Understanding Honor Violence: Lessons from the Jessica Mokdad Case

The verdict has been entered in the case against Rahim Alfetlawi for the murder of his 20-year-old stepdaughter, Jessica Modkad – guilty of murder in the first degree.  From the first days of this investigation, we have paid particular interest to this case as a possible honor killing.  Early reports from police indicated that Alfetlawi tracked his daughter from Minnesota to Michigan and shot her in the head because she had left home and was not following Islam.   Police explained that Mokdad was more “Americanized” than her strict Muslim stepfather, and that this tension contributed to her murder.[1]

In the months following Jessica’s murder, the prosecutor backed away from the possibility that this was an honor murder, stating that religion did not play a role in the case.[2]  Instead, prosecutors argued that Alfetlawi had been sexually abusing Mokdad for years and snapped when he learned she had told her mother about the abuse. [3]  The investigating officer explained that as the investigation continued, he came to believe that Alfetlawi was an abuser who went to great lengths to control every aspect of Jessica’s behavior and that it was this desire to control that was the primary motive for his violent conduct, not religion.  Jessica’s family has also been adamant that this was not an honor murder, explaining that Jessica was, in fact, a practicing Muslim and that Alfetlawi was not himself a particularly devout individual.[4]

We can debate the reported facts of this case to argue whether this was, in fact, an honor-motived crime, but to do so may be beside the point.  What this case offers is an opportunity to clarify what we mean when we talk about honor violence and how shining light on this form of violence against women is not an attempt to demonize entire religions or cultures, but rather an effort to protect untold numbers of girls and women in the U.S. from suffering a similar fate as Jessica Mokdad.

At the AHA Foundation, we define honor violence as a form of violence against women that is committed with the motive of protecting or regaining the honor of the perpetrator, family, or community.  Victims of honor violence are targeted because their actual or perceived behavior is deemed by their family or community to be shameful or to violate cultural or religious norms.  Honor violence involves systematic control of a victim that escalates over a period of time and may begin at a young age.  Honor violence can take many forms, including verbal or emotional abuse, threats, stalking, harassment, false imprisonment, physical violence, sexual abuse, and homicide. While honor violence does occur in Muslim communities, it is not a problem unique to Islam or any other religion.  Honor violence has been found in a variety of cultural and religious communities that have a strong sense of a collective identity and emphasize the well-being and honor of the collective community over that of any one individual.  It is from this mindset of protecting the collective – either familial, cultural, or religious – that the perpetrator of honor violence acts.  The primary objective of honor violence is to control the behavior of the victim, with force and violence if necessary, to bring her conduct into line with community expectations.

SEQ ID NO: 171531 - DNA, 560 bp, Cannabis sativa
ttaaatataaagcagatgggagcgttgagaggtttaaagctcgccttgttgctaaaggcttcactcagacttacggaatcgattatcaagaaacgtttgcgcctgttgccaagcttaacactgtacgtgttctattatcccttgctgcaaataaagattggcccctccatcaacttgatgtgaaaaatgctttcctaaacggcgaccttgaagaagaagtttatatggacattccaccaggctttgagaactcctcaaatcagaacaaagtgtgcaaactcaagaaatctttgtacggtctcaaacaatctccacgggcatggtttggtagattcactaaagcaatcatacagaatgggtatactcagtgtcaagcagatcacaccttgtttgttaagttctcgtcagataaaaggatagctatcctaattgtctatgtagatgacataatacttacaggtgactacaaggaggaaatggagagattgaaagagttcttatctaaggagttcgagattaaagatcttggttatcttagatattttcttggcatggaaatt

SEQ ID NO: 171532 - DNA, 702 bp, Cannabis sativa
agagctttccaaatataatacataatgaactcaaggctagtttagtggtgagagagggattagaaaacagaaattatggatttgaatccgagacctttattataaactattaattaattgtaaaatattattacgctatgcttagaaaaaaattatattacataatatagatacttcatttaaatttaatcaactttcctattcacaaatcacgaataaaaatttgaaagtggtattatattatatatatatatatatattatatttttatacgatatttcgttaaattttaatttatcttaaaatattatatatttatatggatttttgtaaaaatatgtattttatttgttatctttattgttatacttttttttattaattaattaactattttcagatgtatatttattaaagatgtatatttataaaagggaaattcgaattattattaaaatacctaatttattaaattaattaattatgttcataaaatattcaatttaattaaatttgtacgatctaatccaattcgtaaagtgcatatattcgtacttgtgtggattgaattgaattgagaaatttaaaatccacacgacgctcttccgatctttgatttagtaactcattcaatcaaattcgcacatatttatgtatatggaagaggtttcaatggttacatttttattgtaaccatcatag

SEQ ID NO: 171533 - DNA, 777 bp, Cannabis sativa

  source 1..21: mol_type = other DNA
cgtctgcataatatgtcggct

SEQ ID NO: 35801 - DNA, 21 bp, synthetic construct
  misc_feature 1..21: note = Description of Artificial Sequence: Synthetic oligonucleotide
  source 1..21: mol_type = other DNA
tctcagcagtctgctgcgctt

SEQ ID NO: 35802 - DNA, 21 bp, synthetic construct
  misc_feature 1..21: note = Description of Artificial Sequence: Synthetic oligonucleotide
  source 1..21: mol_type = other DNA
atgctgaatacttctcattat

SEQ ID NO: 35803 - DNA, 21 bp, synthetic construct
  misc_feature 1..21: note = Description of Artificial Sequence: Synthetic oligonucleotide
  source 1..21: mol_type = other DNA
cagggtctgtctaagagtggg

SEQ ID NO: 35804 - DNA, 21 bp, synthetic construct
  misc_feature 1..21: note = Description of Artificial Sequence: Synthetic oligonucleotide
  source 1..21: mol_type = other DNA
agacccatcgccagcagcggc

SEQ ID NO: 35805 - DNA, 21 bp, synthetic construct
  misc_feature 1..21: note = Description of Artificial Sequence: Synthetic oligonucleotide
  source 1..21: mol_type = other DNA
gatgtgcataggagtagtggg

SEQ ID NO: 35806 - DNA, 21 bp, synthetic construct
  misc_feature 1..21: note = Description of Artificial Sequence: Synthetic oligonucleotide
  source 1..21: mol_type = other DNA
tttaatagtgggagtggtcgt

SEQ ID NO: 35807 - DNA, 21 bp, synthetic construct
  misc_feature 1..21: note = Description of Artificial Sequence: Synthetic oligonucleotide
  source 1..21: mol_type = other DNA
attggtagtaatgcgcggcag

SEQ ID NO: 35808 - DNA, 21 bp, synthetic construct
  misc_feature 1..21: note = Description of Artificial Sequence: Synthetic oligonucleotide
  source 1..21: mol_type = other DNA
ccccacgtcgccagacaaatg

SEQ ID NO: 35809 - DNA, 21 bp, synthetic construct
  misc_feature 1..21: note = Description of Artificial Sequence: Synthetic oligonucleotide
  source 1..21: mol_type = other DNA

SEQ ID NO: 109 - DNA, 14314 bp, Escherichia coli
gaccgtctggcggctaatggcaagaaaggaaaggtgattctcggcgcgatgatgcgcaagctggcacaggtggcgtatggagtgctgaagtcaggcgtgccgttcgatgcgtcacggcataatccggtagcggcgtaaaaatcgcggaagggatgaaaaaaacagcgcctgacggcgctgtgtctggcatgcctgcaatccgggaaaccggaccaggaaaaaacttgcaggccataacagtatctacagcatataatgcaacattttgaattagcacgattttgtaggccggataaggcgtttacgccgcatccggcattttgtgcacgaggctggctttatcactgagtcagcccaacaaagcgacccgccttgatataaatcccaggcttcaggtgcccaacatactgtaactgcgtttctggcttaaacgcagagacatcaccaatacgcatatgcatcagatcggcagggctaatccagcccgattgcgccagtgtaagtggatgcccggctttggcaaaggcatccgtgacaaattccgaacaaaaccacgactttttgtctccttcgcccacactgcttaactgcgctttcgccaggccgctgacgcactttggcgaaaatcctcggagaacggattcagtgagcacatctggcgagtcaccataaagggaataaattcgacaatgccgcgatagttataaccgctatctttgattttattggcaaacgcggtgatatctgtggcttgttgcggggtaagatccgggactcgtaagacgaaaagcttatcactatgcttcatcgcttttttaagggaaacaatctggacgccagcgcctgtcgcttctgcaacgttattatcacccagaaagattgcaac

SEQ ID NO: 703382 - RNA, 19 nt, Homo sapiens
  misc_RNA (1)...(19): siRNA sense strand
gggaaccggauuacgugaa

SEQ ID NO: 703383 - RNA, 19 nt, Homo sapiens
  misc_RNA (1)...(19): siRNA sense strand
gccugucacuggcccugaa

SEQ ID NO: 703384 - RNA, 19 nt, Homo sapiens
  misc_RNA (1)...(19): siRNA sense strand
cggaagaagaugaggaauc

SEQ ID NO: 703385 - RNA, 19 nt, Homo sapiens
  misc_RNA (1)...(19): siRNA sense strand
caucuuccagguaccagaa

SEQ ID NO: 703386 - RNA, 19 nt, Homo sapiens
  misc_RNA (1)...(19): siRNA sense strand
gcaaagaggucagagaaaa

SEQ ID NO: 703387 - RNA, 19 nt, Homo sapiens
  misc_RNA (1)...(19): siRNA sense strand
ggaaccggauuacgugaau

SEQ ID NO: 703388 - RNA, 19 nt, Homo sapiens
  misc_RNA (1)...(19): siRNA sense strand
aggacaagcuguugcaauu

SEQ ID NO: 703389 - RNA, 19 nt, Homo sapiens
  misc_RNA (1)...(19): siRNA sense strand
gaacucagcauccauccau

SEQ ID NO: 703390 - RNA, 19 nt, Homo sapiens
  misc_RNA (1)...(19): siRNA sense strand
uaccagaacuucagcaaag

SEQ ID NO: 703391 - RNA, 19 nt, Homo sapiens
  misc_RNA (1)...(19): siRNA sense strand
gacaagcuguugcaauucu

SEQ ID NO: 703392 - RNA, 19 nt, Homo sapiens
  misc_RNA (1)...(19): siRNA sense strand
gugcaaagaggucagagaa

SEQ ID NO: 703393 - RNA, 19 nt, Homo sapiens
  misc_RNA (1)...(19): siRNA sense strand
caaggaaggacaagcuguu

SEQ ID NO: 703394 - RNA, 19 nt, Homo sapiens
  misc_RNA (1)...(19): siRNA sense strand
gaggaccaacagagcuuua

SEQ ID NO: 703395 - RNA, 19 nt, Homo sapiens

Religious beliefs are certainly a factor in many cases of honor violence, but the inquiry does not begin and end there.  To reduce the issue of honor violence to an attack on Islam or any other religion and dismiss it as a legitimate area of study and form of violence against women does a grave disservice to the women and girls in the U.S. who are daily victims of this form of control and abuse.  We cannot properly investigate these cases or ensure the safety and support of victims of honor violence without understanding the dynamics involved and the dangers posed by misguided notions of honor.  Brave young women like Jessica Mokdad and Noor Almaleki were not afraid to stand up to their oppressive communities to seek a life of their own choosing.  We owe it to them and every other girl like them who struggles against honor-based abuse and oppression not to be afraid to call out honor violence when we see it.  Only by doing so can we move forward to helping prevent these types of heinous murders.



[1] http://detroit.cbslocal.com/2011/05/04/man-accused-of-killing-stepdaughter-for-not-following-islam/

[2] http://detroit.cbslocal.com/2012/01/06/man-accused-of-killing-stepdaughter-deemed-competent-for-trial/

[3] http://www.freep.com/article/20121019/NEWS04/121019083/warren-stepdaughter-shooting?odyssey=nav%7Chead

[4] http://www.arabamericannews.com/news/index.php?mod=article&cat=Community&article=4322&page_ order=1&act=print